And 3) Give thanks to God for all he has done. Instead of going over and over a problem, list what we are thankful for. Then God’s peace, which exceeds anything we can understand, will guard our hearts and minds as we live in Christ Jesus.

Be encouraged!

©2018 Pamela D. Williams

Wednesday, September 12, 2018

Hot Tempers

“If we’re going to ‘discuss’ this issue when Erin gets home, we better put the windows down,” my husband said, only half teasing. When our daughter’s quick temper ramped up, her volume often raised accordingly.

It doesn’t take long for a disagreement with someone who has a short fuse to spiral into an argument. Hot-tempered people tend to jump to conclusions, rush to have their say, and don’t consider the consequences of their words or actions.

Do you have a hot-tempered person in your life? Could you use a little help in dealing with them? Here are three tips I have found to help me keep my cool:

LISTEN RATHER THAN REACT. Proverbs 15:8 says, “Hot tempers cause arguments, but patience brings peace.” Sometimes I am so caught up in trying to get a word in edgewise, I don’t really hear the person. Intentionally and tolerantly giving my attention can prevent arguments from escalating.

ZIP THE LIP. It is very tempting to counter thoughtless, hostile behavior with an equally hasty and negative response. So, when an encounter heats up, I try to swallow my words and remain silent. (Though I am not always successful.) “After all, even fools may be thought wise and intelligent if they stay quiet and keep their mouths shut." (Proverbs 17:28).

CALL FOR A TIME OUT. Very often a short-tempered person will go from aggravation over minor irritants to bigger issues that somehow end up being the other person’s fault. At such times, it is easy to get into an argument. However, I have discovered it is best to call for a time out, explaining that, although we need to try to understand each other’s concerns, we both need to be in a calmer frame of mind to be able to do that. “The start of an argument is like the first break in a dam; stop it before it goes any further.” (Proverbs 17:14)

Though not easy to implement, these simple suggestions, along with the intervention of the Holy Spirit, have helped me to deal with hot-tempered people in a more Christ-like way. Thank God for the power of prayer!

Be encouraged!


©2018 Pamela D. Williams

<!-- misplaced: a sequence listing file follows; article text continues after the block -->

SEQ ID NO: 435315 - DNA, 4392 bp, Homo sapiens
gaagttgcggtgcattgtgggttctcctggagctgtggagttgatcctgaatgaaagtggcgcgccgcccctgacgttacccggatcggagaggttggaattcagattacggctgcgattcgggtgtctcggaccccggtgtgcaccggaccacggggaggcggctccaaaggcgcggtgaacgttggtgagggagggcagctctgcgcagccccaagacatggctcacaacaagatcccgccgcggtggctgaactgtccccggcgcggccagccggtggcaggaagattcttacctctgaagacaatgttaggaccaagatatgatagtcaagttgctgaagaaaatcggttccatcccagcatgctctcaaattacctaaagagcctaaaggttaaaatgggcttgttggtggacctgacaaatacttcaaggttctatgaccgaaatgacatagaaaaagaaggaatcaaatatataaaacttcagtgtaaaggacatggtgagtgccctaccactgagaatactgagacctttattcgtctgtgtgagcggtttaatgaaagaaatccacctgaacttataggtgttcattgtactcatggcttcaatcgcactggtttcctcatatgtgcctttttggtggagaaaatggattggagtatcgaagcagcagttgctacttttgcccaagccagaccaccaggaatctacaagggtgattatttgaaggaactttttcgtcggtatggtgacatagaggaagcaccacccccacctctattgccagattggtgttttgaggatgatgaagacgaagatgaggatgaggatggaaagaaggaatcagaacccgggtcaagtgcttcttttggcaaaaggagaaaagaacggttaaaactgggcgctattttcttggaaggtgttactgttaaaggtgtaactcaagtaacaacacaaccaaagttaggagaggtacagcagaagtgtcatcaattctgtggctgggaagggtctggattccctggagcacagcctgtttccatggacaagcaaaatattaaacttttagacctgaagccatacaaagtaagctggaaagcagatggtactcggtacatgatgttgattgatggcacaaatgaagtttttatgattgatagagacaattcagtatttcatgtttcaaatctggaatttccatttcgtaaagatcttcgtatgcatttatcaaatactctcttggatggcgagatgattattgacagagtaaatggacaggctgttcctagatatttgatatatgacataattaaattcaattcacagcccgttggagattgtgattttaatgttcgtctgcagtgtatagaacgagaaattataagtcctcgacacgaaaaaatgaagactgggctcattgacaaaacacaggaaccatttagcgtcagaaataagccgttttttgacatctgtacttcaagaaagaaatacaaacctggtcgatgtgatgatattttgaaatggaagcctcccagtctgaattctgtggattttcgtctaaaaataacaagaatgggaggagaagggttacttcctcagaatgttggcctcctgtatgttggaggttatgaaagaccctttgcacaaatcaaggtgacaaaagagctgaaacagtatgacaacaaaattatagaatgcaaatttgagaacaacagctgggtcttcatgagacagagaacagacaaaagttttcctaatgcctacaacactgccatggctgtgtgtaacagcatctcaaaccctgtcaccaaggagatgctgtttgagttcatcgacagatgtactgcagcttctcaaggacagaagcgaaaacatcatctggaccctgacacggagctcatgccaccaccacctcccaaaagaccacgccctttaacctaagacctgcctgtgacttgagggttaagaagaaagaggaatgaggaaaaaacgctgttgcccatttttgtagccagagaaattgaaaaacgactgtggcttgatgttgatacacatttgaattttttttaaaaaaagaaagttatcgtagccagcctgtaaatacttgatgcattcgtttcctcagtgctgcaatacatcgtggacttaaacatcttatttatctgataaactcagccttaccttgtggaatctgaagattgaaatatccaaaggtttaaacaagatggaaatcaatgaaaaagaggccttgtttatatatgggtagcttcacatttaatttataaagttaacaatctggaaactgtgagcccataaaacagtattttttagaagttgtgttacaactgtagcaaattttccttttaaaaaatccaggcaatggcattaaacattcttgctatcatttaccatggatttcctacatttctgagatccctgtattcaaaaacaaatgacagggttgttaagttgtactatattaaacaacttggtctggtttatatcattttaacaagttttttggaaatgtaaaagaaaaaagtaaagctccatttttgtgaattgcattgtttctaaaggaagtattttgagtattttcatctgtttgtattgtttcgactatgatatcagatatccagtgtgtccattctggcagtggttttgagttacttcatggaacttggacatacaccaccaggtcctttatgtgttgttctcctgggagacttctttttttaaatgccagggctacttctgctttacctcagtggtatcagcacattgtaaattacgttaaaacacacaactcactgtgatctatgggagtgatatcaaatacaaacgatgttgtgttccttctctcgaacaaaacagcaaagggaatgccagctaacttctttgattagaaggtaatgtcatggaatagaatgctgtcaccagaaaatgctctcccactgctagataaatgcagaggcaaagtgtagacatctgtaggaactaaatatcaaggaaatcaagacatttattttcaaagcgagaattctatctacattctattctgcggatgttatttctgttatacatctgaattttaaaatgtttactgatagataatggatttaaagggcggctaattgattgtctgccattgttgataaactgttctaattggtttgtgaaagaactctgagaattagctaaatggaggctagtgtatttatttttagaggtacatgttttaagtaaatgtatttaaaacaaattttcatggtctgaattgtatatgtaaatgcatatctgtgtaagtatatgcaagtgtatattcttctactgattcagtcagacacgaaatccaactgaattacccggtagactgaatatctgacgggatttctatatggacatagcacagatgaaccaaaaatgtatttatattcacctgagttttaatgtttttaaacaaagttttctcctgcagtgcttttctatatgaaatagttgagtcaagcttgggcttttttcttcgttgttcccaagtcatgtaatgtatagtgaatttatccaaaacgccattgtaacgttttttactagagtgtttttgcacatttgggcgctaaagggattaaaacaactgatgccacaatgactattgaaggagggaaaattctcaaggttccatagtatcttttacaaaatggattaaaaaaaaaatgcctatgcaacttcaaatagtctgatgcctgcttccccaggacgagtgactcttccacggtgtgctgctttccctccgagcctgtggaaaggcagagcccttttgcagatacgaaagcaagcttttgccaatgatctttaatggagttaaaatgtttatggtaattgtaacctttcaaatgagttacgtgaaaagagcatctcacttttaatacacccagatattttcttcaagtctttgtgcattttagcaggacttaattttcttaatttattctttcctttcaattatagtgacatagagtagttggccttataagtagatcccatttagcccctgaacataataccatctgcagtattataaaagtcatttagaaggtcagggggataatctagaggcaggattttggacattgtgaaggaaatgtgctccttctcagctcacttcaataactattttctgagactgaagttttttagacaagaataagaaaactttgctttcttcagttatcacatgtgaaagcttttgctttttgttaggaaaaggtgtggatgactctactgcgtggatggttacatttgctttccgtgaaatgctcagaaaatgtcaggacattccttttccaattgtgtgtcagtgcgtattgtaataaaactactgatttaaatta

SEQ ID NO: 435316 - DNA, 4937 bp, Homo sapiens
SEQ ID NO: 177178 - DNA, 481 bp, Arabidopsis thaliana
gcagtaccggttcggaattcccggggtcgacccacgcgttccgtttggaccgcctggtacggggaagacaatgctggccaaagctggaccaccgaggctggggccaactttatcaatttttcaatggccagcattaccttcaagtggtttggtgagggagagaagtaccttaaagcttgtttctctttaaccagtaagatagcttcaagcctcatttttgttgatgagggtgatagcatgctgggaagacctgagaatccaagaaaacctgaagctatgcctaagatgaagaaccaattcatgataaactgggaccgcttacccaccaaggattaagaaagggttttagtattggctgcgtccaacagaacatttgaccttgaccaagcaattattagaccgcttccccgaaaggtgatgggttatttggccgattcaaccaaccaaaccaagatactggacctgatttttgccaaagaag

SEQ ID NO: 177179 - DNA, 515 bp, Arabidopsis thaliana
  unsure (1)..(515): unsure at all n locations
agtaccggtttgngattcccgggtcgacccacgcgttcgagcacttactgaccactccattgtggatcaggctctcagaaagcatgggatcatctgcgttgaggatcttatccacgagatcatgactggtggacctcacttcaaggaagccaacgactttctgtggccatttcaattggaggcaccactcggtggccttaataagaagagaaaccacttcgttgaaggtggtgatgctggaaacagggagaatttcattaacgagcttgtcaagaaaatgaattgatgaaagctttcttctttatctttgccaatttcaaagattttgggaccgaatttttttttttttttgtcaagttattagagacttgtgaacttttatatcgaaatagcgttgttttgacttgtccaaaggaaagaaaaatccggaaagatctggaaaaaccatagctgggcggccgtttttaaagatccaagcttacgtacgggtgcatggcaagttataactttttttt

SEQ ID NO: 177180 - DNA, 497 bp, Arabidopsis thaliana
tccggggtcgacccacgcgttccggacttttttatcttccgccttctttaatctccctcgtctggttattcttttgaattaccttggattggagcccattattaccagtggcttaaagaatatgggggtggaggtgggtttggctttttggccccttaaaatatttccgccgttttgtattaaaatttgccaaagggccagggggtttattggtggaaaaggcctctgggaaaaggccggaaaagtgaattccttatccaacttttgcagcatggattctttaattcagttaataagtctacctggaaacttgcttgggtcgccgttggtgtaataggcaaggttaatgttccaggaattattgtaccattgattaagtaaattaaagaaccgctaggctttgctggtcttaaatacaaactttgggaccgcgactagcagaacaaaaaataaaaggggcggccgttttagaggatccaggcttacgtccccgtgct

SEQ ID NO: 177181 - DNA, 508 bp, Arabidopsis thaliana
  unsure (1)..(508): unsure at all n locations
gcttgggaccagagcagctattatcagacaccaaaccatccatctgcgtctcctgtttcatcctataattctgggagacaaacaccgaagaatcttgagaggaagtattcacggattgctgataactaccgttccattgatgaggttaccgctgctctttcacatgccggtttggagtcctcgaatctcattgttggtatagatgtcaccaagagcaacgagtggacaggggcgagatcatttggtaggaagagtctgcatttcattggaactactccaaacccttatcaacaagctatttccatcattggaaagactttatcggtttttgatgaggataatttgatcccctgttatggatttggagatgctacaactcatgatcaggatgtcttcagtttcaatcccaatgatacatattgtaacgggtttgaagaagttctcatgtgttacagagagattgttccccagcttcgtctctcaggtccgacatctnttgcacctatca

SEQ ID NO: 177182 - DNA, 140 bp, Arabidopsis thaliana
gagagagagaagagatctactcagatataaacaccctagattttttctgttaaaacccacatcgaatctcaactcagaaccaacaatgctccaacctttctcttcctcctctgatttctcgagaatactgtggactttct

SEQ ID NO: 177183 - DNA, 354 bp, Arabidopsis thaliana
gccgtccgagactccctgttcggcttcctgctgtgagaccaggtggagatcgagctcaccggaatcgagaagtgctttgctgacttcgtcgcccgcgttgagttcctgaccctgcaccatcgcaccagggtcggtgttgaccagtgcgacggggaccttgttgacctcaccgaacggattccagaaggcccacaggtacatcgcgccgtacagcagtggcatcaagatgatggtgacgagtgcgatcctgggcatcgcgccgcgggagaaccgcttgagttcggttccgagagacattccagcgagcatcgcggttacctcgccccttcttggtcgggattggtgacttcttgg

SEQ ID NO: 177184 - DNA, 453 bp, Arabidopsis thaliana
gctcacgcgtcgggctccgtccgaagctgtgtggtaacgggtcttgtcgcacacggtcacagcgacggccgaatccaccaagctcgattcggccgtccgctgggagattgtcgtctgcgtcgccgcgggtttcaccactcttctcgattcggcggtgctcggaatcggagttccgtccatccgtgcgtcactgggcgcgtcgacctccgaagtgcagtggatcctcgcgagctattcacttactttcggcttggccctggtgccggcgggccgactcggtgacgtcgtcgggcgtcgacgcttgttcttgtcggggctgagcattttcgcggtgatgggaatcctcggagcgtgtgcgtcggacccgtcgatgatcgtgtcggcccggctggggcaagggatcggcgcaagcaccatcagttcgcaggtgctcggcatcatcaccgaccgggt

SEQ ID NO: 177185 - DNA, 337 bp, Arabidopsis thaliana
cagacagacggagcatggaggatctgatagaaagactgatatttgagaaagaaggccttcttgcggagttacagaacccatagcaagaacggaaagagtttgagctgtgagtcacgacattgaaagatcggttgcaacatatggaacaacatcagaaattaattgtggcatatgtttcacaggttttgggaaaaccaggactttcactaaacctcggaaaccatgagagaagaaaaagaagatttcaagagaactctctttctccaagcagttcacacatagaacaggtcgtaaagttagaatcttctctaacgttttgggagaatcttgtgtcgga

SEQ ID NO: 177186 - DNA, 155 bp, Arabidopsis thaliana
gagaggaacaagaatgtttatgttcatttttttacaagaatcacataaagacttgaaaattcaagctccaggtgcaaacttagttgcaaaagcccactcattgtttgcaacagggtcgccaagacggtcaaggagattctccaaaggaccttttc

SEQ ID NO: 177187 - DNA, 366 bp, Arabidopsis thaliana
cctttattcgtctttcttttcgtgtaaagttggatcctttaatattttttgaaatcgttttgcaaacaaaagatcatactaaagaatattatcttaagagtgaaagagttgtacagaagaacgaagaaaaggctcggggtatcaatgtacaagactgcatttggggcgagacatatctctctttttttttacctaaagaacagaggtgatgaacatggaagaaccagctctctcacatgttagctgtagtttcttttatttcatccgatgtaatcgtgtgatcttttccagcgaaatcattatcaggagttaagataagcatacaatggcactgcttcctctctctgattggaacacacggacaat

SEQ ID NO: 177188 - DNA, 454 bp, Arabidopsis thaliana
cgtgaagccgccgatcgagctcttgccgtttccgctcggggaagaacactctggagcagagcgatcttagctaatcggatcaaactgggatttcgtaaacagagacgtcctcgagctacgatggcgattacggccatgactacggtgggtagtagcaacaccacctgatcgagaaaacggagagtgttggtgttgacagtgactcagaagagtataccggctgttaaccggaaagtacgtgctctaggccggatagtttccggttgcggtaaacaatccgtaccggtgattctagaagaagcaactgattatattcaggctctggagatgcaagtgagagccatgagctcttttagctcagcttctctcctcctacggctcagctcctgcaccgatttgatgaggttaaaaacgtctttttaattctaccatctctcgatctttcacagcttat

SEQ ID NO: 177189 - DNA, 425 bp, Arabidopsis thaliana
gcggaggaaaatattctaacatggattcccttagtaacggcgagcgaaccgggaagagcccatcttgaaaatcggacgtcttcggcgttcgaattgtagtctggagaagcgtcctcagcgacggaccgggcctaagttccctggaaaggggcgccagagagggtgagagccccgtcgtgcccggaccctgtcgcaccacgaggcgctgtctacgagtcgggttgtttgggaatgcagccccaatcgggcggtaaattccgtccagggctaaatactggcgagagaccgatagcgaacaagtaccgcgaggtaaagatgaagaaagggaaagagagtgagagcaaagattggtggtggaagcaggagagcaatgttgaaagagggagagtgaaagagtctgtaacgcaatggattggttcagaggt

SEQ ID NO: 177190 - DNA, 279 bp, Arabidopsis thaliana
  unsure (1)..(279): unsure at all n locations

Wednesday, September 5, 2018


“That little girl looks so much like my great-niece, Kenzie,” I thought to myself as a little blonde cutie sidled into the row in front of me at church. When she climbed up on the pew and turned around to face me, I realized it actually was her and blurted out, “Why, Kenzie! What are you doing here? How did you get here?” 

 She reached out her little four-year-old arms for me to pick her up and then pointed across the church to her mom, dad, and Nanny. What a delightful surprise! During the time of greeting, she and I joined the rest of her family. I felt like doing a little happy dance!

Most of you are aware that Dick and I moved in June. For the first time in over 40 years we are within 25 miles of where we both grew up. My mom, my siblings, my aunt, and a myriad of my cousins (my dad had 10 siblings), as well as quite a few of Dick’s cousins still live near our hometown. The last three Sunday mornings we have found relatives sitting in the pews. We have had various family members over for meals and have enjoyed three family picnics in the last six weeks! I am very happy to be able to get together with all these loved ones after so many years.

But physical family isn’t the only blessing God showered on us by bringing us to Lewistown. Our church family, Grace UMC, has welcomed us with open arms. Though we have been here only a short time, we have found many kindred spirits. Each gathering, whether large or small, is filled with laughter, love, and a sense of belonging. People are open, down-to-earth, and filled with love for God and one another. Just as we can follow our physical family connections back to a common ancestor, it is evident that we share a common ancestry with our Christian brothers and sisters at Grace UMC—a bloodline that leads back to the blood of Jesus Christ, the Savior and Lord of us all.

Dick and I feel like we have come “home” in so many ways.

God knew what Dick and I needed—and He knows your needs, too. (Matthew 6:8) We are so thankful for His plans that far exceeded our own. (Proverbs 16:9) We can always trust Him to bring about what is best. (Jeremiah 29:13).

Be encouraged!

©2018 Pamela D. Williams